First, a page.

Friday, January 12, 2007 United Arab Emirates United Arab Emirates

Quick stopover in Dubai

Dubai [Enlarge]

Fly Emirates if you ever have the chance. They make British Airways look like a no-frills carrier…

As we passed over the vast Saudi desert at 35,000 feet we wondered what might have been if we had been able to travel to Dubai by coach. We certainly wouldn't have had the chance to sample Emirates's in-flight entertainment and their meal with real cutlery (remember that on planes?); but that knowledge did not overcome our disappointment at taking a huge chunk out of the earth's circumference in a mere couple of hours. Our inflatable globe now has a big, ugly straight line drawn on at the end of the meandering line between London and Amman.

We landed in Dubai at about 16:00 local time and had that nervous wait to get our checked-in luggage back that air travellers know so well. So far on this trip we've had both our bags in sight all the time when travelling, but although Emirates aren't as strict as British Airways regarding toothpaste and liquids, a Swiss army knife and two medical kits full of syringes are still no-go for hand luggage. So we reluctantly decided to check in one of our two bags at Amman.

Immigration was easy. We thought we needed to buy a visa for the UAE, but having asked two different official-looking people where we needed to go and being told "no problem, just go ahead" we were pleasantly surprised to discover that the visa for UK nationals is now free, and is issued at passport control.

Having got Isla's bag back, we stepped outside into a warm, sunny afternoon. It felt about the same as May in the UK, so for the first time since leaving home we didn't need our fleeces or coats! The hotel was about 5 km away so we took a taxi from the airport rank. We joined the queue of traffic trying to cross one of the few bridges across Dubai Creek, and we made slow progress across through the late afternoon rush-hour traffic into the centre of Dubai. In Amman, taxis are cheap: almost cheaper than the cost of the wear and tear on your shoes if you walk. But in wealthier Dubai, the taxis seemed very expensive to us—40 Dirhams (about GBP 5.55 / USD 10.89) for a ride that would have been 1.5 Dinar in Jordan (GBP 1.08 / USD 2.12). We reminded ourselves how much the same journey would cost from London Heathrow—probably well over twenty quid.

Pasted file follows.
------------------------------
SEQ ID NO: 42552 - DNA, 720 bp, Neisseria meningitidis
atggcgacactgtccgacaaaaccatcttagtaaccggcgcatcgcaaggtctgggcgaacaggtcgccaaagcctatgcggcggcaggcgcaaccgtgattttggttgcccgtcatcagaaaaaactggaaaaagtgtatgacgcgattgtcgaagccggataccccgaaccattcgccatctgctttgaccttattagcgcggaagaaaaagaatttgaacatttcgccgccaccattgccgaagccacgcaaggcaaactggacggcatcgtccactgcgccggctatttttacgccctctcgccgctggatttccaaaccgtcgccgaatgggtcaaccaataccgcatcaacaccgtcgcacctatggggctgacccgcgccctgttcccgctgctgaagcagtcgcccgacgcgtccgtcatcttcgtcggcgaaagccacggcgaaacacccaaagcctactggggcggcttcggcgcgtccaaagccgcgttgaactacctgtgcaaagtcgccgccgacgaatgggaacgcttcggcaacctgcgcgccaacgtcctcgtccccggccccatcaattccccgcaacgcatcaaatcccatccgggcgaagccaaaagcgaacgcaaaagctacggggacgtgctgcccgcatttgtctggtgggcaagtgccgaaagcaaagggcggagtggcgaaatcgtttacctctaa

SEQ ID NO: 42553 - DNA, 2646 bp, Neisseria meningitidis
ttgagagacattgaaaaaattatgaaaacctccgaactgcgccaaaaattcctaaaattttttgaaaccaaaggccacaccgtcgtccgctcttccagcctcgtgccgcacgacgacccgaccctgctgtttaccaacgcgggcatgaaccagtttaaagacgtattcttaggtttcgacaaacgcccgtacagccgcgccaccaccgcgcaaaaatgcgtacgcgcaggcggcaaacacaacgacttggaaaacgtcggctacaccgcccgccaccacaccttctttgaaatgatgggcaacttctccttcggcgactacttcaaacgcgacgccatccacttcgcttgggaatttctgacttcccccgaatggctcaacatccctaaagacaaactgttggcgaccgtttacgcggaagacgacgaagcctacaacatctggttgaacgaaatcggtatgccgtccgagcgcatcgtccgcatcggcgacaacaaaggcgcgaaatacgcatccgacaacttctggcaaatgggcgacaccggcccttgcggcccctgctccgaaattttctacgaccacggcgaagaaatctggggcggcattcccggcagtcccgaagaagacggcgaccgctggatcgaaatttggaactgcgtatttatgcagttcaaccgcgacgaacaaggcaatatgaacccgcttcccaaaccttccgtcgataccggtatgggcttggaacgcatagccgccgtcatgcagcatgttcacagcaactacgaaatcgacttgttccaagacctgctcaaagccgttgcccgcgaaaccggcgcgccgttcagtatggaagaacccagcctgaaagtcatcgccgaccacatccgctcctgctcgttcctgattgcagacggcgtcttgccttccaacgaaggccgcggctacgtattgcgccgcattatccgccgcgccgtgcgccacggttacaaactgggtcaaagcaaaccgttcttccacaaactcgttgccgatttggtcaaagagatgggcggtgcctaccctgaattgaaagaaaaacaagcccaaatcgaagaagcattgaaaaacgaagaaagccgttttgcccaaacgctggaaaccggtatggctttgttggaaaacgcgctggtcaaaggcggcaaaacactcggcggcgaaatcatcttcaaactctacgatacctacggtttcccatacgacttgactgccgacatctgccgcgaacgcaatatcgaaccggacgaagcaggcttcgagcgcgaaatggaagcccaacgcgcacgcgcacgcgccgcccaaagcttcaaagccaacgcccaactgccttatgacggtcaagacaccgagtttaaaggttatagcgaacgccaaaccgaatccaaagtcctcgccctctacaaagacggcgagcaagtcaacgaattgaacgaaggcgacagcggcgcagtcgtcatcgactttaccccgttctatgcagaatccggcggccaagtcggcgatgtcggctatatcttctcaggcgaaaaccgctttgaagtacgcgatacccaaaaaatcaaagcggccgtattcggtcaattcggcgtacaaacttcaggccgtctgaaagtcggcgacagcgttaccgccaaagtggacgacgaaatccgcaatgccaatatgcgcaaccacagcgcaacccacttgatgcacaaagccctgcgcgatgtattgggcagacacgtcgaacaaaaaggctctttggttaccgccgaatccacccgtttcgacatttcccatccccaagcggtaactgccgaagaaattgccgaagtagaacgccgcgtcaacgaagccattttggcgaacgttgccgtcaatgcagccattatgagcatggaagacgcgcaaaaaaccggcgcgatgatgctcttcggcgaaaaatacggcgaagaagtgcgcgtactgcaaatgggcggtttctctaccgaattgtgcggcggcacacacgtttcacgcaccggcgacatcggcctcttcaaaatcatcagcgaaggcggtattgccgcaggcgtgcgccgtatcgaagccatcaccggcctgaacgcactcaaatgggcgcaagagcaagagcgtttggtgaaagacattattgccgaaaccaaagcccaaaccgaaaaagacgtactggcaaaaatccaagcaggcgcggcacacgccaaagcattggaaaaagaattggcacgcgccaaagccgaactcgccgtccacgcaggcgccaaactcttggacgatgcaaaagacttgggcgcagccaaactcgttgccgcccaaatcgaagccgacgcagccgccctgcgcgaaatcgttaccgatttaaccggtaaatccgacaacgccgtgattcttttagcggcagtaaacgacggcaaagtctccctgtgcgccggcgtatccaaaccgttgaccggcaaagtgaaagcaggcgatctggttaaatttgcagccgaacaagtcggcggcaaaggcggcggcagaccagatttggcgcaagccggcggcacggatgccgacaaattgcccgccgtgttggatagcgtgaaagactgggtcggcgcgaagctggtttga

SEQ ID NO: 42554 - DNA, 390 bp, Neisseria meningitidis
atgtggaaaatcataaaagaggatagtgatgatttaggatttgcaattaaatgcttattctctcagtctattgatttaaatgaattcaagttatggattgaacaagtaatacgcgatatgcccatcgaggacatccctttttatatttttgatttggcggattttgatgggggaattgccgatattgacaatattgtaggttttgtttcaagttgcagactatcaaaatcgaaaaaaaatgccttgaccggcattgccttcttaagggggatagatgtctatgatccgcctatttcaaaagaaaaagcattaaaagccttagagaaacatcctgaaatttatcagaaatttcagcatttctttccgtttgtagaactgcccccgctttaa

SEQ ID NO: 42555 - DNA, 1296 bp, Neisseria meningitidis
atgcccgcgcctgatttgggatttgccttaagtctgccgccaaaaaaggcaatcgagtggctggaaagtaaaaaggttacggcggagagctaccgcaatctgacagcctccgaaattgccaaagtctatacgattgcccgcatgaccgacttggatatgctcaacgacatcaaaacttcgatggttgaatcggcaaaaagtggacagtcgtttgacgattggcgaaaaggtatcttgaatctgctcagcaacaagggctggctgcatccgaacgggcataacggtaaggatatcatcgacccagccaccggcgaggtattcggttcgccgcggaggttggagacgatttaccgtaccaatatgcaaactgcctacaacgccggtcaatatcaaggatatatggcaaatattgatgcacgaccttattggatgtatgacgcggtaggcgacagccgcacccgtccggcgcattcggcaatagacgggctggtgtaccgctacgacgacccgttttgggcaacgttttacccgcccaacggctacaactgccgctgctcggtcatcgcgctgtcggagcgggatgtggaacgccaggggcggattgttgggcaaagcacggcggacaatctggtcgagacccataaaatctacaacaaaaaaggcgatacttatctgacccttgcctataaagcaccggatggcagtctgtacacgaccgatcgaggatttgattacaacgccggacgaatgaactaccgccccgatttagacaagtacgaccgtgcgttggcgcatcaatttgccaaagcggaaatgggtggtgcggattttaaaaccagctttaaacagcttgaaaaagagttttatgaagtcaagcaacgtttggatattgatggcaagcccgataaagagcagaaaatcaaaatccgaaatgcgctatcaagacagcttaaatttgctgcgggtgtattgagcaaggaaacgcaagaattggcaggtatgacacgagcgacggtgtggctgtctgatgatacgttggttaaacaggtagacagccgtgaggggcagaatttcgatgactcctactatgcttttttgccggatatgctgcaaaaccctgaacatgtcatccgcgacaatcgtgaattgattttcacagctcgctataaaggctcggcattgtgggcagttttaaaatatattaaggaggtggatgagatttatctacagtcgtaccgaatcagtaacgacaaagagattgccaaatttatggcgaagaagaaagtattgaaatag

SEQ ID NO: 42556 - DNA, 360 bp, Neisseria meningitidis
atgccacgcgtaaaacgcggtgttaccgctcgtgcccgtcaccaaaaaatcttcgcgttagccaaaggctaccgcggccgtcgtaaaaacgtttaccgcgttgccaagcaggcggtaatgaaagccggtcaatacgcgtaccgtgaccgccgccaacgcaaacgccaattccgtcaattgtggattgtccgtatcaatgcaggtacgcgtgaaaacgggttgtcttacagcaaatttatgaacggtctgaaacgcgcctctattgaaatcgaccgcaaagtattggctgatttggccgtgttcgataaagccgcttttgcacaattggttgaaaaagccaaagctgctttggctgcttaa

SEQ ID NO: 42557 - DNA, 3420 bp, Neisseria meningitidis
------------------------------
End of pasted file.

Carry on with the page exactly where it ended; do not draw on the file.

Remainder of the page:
We were relieved to find that Dubai has nice, normal money. One Dirham comprises 100 Fils, and that's all you need to know. The trouble was, we had by now got used to the strange Jordanian system, so we spent half an afternoon thinking a shop had overcharged us by a factor of ten by taking two Dirhams fifty for a stamp that said "250 Fils" on it. Of course these were UAE Fils, not Jordan Fils—only 100 to the Dirham. We got there in the end.

We splashed out a little bit and stayed in the Regal Plaza Hotel in Bur Dubai. Our room was clean and spacious and came with a bath and a large LCD TV. See how little it takes to please us these days? We're happy if the sheets are clean and there's hot water. We noticed that from the hotel's main entrance we could see three malls within two minutes' walk. We decided to continue our quest for an Indian guidebook. Surely one of the malls would have a bookshop, so before dinner we went for a look. But we soon found that these were no ordinary malls. Literally every shop in all three buildings was a computer store. Having toiled and struggled though rainstorms and fields of mud, and up and down hills to buy our laptop in Amman, we had inadvertently booked a hotel in the middle of Dubai's IT district, where all we could buy was computers. If this is not proof of the existence of Sod's Law, then we don't know what would be.

While we were there we couldn't help but look at some prices for laptops. Eventually we spotted the exact same machine we'd bought in Amman—for slightly more money! We were surprised. We'd been bracing ourselves to find it in this tax haven at a fraction of the price.

Back on track in the hunt for a bookshop, we spotted a Sheraton hotel and decided that even if they didn't sell books themselves, the concierge staff there would know the city well enough to point us in the right direction. The lady at the desk said no, they don't have a bookshop, but we would probably find one in another mall two blocks up the street. It wasn't far so we set off.